According to Sheather: 'This came at a very good time for us, and allowed us to get to market faster and without the level of investment we might have needed.' Sheather said he had also considered the open source cloud platform Eucalyptus, which he felt was not sufficiently mature, and VM Ware, but found that too expensive for his business model.
Although the early VMops stack that Sheather received in November was buggy, it has been improved, and Cloud Central has also developed additional software that allowed it to launch a commercial service in mid March.
Cupertino based Cloud.com is the brainchild of Sheng Liang, who developed the Java Virtual Machine at Sun, and was a co-founder of Teros, a firewall maker sold to Citrix in 2005. In late 2008 he put a team together to develop a suite of tools that could be used to build infrastructure clouds, comprising a hyperviser to allow dynamic provisioning of resources, management tools, and end user administration tools to manage the cloud.
Peder Ulander, chief marketing office of the company, said that in November last year the organisation signed up 40 organisations around the world to trial what was then known as a the VMops cloud stack . Cloud Central was one Australian user, the other being a '$250 million Australian services provider' which Ulander declined to name.
In January the company completed a second round of venture capital funding, receiving $US17.6 million from Redpoint Ventures, Nexus Ventures and Index Ventures. According to Ulander this will allow the company to relaunch and deliver its 'Turnkey preconfigured software stack for corporations and service providers.'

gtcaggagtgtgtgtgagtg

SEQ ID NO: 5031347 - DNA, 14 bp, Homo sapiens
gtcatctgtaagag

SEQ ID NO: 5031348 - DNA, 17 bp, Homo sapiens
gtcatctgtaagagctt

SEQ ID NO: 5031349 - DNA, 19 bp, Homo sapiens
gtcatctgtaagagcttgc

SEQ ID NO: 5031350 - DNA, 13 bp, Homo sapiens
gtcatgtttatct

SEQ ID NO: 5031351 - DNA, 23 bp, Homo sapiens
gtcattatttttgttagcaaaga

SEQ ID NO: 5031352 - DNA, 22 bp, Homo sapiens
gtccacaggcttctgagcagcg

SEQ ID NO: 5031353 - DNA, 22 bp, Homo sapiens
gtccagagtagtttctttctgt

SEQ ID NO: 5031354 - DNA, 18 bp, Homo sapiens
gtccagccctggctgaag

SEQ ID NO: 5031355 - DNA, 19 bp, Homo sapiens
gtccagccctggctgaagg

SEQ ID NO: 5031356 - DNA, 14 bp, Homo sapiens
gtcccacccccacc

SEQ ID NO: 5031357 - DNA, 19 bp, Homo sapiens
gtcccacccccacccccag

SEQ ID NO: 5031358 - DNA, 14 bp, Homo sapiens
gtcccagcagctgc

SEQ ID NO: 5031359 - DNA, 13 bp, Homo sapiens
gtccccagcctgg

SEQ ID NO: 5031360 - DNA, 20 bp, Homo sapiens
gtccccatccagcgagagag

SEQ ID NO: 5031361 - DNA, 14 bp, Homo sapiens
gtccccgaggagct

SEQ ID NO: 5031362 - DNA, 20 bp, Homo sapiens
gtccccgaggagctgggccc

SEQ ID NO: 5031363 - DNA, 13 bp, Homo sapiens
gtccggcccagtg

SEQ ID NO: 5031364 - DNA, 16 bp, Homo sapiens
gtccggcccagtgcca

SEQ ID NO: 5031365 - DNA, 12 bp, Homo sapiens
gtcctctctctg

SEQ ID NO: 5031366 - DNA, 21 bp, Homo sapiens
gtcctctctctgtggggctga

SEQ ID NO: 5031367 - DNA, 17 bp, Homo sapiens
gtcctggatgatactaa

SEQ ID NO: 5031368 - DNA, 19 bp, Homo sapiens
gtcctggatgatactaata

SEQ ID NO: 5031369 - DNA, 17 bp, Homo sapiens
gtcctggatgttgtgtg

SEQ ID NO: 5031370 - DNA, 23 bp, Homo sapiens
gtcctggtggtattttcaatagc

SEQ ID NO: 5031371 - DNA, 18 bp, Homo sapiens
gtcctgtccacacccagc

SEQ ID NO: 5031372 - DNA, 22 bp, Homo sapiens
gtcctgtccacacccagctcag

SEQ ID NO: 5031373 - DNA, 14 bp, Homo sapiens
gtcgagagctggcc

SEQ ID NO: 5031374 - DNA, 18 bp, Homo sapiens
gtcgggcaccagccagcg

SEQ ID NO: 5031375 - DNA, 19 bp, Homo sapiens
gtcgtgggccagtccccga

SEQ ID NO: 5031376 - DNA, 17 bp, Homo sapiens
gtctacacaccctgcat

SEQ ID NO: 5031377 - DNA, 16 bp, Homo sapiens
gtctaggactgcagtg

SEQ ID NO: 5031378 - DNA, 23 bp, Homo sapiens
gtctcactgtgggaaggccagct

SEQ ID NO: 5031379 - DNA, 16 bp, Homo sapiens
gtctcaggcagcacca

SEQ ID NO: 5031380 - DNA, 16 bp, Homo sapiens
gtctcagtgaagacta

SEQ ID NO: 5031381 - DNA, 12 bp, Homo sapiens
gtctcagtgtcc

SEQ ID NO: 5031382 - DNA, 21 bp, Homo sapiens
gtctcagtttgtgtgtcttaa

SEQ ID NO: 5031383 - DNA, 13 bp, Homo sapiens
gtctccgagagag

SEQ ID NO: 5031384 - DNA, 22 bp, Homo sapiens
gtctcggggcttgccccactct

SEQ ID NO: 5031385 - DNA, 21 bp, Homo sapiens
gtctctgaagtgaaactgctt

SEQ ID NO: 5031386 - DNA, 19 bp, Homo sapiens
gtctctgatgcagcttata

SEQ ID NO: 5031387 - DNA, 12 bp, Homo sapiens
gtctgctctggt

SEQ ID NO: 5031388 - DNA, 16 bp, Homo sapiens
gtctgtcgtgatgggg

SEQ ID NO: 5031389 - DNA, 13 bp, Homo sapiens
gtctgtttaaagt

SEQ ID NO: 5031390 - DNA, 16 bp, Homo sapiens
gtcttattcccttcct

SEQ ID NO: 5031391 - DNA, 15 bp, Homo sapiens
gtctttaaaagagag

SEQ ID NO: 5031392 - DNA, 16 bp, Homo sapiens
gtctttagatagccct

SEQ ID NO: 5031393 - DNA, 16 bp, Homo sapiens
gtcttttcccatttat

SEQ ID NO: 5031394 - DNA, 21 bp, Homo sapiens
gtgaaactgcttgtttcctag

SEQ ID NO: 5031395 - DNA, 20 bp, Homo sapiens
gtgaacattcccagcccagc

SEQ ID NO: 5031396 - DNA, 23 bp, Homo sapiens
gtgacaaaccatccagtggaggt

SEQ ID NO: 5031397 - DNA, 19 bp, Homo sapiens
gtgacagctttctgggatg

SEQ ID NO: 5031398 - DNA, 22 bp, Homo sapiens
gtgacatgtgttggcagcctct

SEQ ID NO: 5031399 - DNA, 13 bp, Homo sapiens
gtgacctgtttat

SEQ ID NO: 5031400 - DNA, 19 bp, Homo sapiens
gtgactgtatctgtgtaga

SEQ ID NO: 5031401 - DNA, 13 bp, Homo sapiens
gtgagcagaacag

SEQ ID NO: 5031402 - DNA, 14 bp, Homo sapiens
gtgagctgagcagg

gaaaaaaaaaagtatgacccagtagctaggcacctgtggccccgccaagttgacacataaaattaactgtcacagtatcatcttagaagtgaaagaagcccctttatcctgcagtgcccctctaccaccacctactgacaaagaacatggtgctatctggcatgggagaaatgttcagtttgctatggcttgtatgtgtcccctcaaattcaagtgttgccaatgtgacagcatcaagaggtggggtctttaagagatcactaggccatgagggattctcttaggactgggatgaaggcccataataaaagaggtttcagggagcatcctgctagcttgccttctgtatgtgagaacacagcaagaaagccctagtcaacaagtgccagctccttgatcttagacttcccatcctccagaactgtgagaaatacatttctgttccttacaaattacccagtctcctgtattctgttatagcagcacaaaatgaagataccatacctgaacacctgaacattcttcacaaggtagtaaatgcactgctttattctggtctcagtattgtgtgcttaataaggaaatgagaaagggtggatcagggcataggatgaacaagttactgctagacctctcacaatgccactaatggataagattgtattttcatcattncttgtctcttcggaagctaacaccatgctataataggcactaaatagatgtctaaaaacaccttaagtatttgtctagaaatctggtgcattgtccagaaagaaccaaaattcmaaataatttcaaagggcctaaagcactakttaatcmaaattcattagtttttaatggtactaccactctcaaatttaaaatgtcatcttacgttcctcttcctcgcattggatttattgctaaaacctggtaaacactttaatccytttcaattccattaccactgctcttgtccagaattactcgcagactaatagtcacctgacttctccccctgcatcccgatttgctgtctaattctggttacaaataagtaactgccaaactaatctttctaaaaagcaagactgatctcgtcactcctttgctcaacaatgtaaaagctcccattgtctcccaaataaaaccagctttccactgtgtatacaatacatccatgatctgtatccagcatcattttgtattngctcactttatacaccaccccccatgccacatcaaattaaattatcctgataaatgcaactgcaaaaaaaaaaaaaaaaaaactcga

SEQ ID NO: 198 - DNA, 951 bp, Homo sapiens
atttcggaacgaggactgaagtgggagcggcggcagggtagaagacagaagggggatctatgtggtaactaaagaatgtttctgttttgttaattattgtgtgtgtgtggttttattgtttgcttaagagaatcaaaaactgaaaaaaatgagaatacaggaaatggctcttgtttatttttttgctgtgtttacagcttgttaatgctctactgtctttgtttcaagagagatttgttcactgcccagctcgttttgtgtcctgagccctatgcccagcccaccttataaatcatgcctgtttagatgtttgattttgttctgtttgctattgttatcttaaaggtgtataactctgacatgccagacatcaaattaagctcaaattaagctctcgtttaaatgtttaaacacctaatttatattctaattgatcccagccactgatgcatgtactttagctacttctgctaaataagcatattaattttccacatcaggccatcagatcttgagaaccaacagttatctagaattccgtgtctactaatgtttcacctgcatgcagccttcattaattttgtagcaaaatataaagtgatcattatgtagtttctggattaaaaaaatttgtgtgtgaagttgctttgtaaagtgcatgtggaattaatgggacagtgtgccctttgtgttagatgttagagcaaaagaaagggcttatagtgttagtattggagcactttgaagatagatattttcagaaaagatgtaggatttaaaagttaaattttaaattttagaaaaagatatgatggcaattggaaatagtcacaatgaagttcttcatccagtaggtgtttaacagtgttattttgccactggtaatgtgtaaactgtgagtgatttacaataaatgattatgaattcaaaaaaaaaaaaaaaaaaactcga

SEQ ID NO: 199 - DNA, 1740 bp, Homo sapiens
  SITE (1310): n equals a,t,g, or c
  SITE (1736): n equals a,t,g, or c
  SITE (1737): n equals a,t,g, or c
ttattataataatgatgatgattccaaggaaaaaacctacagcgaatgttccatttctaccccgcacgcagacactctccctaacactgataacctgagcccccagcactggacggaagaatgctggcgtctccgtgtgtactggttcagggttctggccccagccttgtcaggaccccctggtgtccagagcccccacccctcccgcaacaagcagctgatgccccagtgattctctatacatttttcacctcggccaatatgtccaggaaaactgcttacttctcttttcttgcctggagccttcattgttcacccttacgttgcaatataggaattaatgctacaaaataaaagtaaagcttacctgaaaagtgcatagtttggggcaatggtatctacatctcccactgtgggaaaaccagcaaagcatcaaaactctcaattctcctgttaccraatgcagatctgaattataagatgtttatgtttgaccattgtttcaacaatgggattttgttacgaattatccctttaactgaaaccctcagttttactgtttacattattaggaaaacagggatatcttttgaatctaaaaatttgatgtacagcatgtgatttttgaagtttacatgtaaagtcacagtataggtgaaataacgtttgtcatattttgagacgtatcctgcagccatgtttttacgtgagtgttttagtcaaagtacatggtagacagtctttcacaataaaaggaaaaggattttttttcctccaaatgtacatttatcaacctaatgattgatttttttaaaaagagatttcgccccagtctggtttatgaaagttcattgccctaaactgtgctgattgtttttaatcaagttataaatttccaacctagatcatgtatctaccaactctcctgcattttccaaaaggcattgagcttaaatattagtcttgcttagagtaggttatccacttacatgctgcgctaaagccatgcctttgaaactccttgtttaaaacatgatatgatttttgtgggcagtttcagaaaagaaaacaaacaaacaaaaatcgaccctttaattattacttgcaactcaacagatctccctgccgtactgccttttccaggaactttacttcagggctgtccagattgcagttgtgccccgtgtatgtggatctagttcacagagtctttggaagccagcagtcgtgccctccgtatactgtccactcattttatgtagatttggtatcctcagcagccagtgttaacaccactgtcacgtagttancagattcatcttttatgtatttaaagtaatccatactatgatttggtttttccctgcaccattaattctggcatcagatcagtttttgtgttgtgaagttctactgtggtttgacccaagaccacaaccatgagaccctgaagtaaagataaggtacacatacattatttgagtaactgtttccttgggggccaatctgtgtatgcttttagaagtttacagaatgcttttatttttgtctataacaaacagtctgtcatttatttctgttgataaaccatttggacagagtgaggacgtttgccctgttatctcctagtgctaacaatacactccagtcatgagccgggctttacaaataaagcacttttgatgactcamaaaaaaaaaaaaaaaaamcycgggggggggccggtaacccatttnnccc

The company currently has fewer than 35 employees, but is expanding and has just hired Kyle Macdonald from Hosting.com as the firm's chief evangelist.
Cloud.com's Cloud Stack Platform comes integrated with Xen and KVM hypervisors, deployed with Ubuntu, CentOS and Fedora distributions. It's also being made available open source through GPLv3 licences.
Cloud Central has already developed its own Cloud Centre Control Centre to work with the VMops stack, and Sheather said he was in discussion with a couple of international cloud service providers regarding the components developed in Australia. Having the Cloud.com product launched as an open source product expanded the opportunity for more development around the stack, he said.
Ulander said that the decision to offer the system as open source code had been urged by the company's venture capital partners. 'From a distribution perspective this puts us in front of more organisations.' It would also build innovation, momentum and loyalty he said.
He also believed that being able to put something that was 'enterprise class and polished' out under an open source licence would help the company leapfrog some of the other open source cloud offerings now available.
Revenues meanwhile would flow from the support services that Cloud.com would offer, he explained.
Ulander said the decision to change the name of the company came after its original moniker prompted confusion among potential customers who weren't exactly sure what the company was about. He said that the domain and name Cloud.com had been held for about a decade by Scott Heiferman the founder of Meetup, the web based network for community organisations.
'We came to terms and acquired the name from him,' said Ulander.